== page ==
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F. Diplomatic and consular law

a. 1961 VIENNA CONVENTION ON DIPLOMATIC RELATIONS

1) Concepts

The “head of the mission” – is the person charged by the sending State with the duty of acting in that capacity. (Article 1[a], 1961 Vienna Convention on Diplomatic Relations)

The “members of the mission” – are the head of the mission and the members of the staff of the mission. (Article 1[b], Ibid.)

The “members of the staff of the mission” – are the members of the diplomatic staff, of the administrative and technical staff and of the service staff of the mission; (Article 1[c], Ibid.)

The “members of the diplomatic staff” – are the members of the staff of the mission having diplomatic rank; (Article 1[d], Ibid.)

A “diplomatic agent” – is the head of the mission or a member of the diplomatic staff of the mission; (Article 1[e], Ibid.)

The “members of the administrative and technical staff” – are the members of the staff of the mission employed in the administrative and technical service of the mission. (Article 1[f], Ibid.)

The “members of the service staff” – are the members of the staff of the mission in the domestic service of the mission. (Article 1[g], Ibid.)

The “premises of the mission” are the buildings or parts of buildings and the land ancillary thereto, irrespective of ownership, used for the purposes of the mission including the residence of the head of the mission. (Article 1[i], Ibid.)

2) Covenants

a) Mutual consent to establish diplomatic relations

The establishment of diplomatic relations between States, and of permanent diplomatic missions, takes place by mutual consent. (Article 2, Ibid.)

b) Function of a diplomatic mission

The functions of a diplomatic mission consist, inter alia, in:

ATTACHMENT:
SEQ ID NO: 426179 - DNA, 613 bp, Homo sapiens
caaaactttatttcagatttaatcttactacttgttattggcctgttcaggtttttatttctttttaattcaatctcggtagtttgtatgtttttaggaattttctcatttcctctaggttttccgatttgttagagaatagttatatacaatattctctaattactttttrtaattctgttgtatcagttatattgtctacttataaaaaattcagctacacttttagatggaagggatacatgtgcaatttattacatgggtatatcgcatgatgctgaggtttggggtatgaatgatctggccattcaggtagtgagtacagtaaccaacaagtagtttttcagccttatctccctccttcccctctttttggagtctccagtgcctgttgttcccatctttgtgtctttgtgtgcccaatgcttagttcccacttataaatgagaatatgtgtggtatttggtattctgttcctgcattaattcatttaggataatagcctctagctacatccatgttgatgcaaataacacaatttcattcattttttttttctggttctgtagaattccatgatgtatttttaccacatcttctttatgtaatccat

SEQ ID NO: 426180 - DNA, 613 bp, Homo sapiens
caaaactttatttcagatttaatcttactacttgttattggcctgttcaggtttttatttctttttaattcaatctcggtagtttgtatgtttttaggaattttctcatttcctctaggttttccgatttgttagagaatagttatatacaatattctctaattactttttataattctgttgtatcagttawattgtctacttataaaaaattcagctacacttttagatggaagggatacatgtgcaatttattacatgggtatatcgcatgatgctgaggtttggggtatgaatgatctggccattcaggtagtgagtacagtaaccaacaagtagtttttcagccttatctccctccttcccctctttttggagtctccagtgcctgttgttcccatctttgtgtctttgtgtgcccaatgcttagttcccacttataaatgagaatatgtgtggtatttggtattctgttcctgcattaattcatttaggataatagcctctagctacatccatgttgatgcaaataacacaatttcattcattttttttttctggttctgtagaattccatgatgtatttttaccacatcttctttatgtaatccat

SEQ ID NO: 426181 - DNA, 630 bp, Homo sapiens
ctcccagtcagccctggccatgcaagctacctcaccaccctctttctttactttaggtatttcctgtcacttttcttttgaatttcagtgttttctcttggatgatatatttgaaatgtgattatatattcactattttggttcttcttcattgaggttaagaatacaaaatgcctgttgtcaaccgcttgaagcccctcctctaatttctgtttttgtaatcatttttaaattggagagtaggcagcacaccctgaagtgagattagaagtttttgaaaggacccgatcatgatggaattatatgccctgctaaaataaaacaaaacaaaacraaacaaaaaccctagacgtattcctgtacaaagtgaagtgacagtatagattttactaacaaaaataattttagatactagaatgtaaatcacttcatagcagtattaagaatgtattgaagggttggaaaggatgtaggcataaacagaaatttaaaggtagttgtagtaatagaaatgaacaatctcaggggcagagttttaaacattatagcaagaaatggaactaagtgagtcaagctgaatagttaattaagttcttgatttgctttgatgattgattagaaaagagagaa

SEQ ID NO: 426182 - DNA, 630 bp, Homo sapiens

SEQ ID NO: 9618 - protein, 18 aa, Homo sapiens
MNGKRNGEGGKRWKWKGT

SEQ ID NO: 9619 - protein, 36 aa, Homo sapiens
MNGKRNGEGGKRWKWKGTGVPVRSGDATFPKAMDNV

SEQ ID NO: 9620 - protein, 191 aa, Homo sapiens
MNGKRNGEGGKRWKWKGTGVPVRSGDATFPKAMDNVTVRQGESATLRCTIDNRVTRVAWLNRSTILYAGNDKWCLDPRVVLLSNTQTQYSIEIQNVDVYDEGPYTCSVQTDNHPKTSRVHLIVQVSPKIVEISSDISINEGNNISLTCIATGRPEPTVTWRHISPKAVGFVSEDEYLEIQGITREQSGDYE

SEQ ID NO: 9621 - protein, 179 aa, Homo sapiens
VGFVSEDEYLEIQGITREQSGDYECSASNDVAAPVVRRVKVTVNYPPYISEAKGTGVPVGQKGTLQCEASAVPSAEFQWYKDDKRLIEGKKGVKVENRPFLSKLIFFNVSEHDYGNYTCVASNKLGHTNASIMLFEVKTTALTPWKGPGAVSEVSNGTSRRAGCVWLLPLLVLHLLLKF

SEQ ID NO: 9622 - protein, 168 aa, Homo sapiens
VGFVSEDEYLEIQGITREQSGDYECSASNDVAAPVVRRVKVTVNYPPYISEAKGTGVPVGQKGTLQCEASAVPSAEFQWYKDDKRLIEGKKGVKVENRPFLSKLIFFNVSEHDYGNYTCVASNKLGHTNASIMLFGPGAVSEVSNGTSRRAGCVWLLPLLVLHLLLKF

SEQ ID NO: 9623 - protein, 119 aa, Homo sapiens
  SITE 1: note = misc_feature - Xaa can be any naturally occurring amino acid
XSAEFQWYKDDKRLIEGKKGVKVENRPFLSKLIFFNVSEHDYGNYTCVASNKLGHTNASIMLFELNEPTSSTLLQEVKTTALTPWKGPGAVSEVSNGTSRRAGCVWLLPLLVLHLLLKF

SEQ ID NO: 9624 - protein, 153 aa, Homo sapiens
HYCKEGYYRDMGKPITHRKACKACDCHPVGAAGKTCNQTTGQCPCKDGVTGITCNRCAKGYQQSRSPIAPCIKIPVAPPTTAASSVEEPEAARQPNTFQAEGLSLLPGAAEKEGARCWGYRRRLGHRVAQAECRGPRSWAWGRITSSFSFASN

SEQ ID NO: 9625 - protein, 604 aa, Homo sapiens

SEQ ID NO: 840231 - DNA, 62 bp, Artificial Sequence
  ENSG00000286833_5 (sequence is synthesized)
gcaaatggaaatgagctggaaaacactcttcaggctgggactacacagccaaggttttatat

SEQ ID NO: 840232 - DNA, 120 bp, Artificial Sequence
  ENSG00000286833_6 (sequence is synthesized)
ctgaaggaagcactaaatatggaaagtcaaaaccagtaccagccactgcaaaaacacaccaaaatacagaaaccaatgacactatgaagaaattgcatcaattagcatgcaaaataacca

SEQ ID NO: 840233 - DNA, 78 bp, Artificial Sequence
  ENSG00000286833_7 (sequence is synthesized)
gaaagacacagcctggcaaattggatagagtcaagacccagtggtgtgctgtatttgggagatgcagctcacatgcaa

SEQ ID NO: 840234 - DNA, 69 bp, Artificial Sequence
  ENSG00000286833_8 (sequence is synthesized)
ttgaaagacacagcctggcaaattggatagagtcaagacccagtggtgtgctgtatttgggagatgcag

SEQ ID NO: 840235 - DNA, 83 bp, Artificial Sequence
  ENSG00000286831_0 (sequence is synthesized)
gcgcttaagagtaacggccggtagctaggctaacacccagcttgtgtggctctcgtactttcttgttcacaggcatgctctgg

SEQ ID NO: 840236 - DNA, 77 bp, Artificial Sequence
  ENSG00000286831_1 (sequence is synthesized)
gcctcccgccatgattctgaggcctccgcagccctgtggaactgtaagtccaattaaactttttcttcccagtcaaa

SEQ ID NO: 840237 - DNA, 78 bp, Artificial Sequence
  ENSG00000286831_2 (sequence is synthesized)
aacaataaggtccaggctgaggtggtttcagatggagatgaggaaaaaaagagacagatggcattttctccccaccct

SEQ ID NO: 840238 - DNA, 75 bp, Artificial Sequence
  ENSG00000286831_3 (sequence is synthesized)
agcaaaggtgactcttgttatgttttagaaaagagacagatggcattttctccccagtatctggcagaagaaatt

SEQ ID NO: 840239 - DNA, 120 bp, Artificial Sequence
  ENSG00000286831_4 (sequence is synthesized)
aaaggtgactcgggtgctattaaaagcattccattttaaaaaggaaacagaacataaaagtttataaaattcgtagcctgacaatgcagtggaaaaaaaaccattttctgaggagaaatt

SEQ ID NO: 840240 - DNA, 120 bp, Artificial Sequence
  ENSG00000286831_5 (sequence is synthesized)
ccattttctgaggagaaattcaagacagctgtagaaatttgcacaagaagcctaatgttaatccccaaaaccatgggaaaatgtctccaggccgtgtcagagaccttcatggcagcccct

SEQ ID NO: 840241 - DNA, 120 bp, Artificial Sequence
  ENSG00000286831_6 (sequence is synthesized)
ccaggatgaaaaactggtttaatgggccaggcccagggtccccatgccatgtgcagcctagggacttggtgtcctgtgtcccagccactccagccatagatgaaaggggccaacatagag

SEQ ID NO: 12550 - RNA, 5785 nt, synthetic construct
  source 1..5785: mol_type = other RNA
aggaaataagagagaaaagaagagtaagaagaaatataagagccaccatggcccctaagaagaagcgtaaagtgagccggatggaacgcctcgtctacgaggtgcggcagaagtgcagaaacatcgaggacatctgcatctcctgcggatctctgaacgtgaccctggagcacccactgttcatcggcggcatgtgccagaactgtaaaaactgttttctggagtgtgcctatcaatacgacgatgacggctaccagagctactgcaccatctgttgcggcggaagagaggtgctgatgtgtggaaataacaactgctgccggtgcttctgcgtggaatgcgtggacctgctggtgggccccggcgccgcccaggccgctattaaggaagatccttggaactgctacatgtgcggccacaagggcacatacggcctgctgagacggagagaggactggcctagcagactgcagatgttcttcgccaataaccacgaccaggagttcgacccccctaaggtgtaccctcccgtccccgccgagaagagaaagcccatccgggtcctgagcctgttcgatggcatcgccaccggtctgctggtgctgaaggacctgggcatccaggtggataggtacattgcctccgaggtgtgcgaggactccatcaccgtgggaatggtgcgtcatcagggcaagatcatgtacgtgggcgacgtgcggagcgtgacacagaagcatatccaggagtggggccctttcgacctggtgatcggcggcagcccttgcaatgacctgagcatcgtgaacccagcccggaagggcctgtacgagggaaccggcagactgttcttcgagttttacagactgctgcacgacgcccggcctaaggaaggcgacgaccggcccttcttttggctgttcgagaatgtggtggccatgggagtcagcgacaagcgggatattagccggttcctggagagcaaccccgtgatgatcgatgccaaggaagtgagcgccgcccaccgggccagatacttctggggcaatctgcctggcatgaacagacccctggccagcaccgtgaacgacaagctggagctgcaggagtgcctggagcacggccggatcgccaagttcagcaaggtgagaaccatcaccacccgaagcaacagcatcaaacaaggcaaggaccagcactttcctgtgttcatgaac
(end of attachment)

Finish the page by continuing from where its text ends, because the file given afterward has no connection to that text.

1) Representing the sending State in the receiving State;

2) Protecting in the receiving State the interests of the sending State and of its nationals, within the limits permitted by international law;

3) Negotiating with the Government of the receiving State;

4) Ascertaining by all lawful means conditions and developments in the receiving State, and, reporting thereon to the Government of the sending State;

5) Promoting friendly relations between the sending State and the receiving State, and developing their economic, cultural and scientific relations. (Article 3[1], Ibid.)

c) Agrément

1) The sending State must make certain that the agrément of the receiving State has been given for the person it proposes to accredit as head of the mission to that State. (Article 4[1], Ibid.)

2)The receiving State is not obliged to give reasons to the sending State for a refusal of agrément. (Article 4[2], Ibid.)

d) Persona non grata

1)The receiving State may at any time and without having to explain its decision, notify the sending State that the head of the mission or any member of the diplomatic staff of the mission is persona non grata or that any other member of the staff of the mission is not acceptable. In any such case, the sending State shall, as appropriate, either recall the person concerned or terminate his functions with the mission. A person may be declared non grata or not acceptable before arriving in the territory of the receiving State. (Article 9[1], Ibid.)

e) Inviolability of premises

1) The premises of the mission shall be inviolable. The agents of the receiving State may not enter them, except with the consent of the head of the mission. (Article 22[1], Ibid.)

2) The receiving State is under a special duty to take all appropriate steps to protect the premises of the mission against any intrusion or damage and to prevent any disturbance of the peace of the mission or impairment of its dignity. (Article 22[2], Ibid.)

3) The premises of the mission, their furnishings and other property thereon and the means of transport of the mission shall be immune from search, requisition, attachment or execution. (Article 22[3], Ibid.)

f) Tax exemption

1) The sending State and the head of the mission shall be exempt from all national, regional or municipal dues and taxes in respect of the premises of the mission, whether owned or leased, other than such as represent payment for specific services rendered. (Article 23[1], Ibid.)

2) The exemption from taxation referred to in this article shall not apply to such dues and taxes payable under the law of the receiving State by persons contracting with the sending State or the head of the mission. (Article 23[2], Ibid.)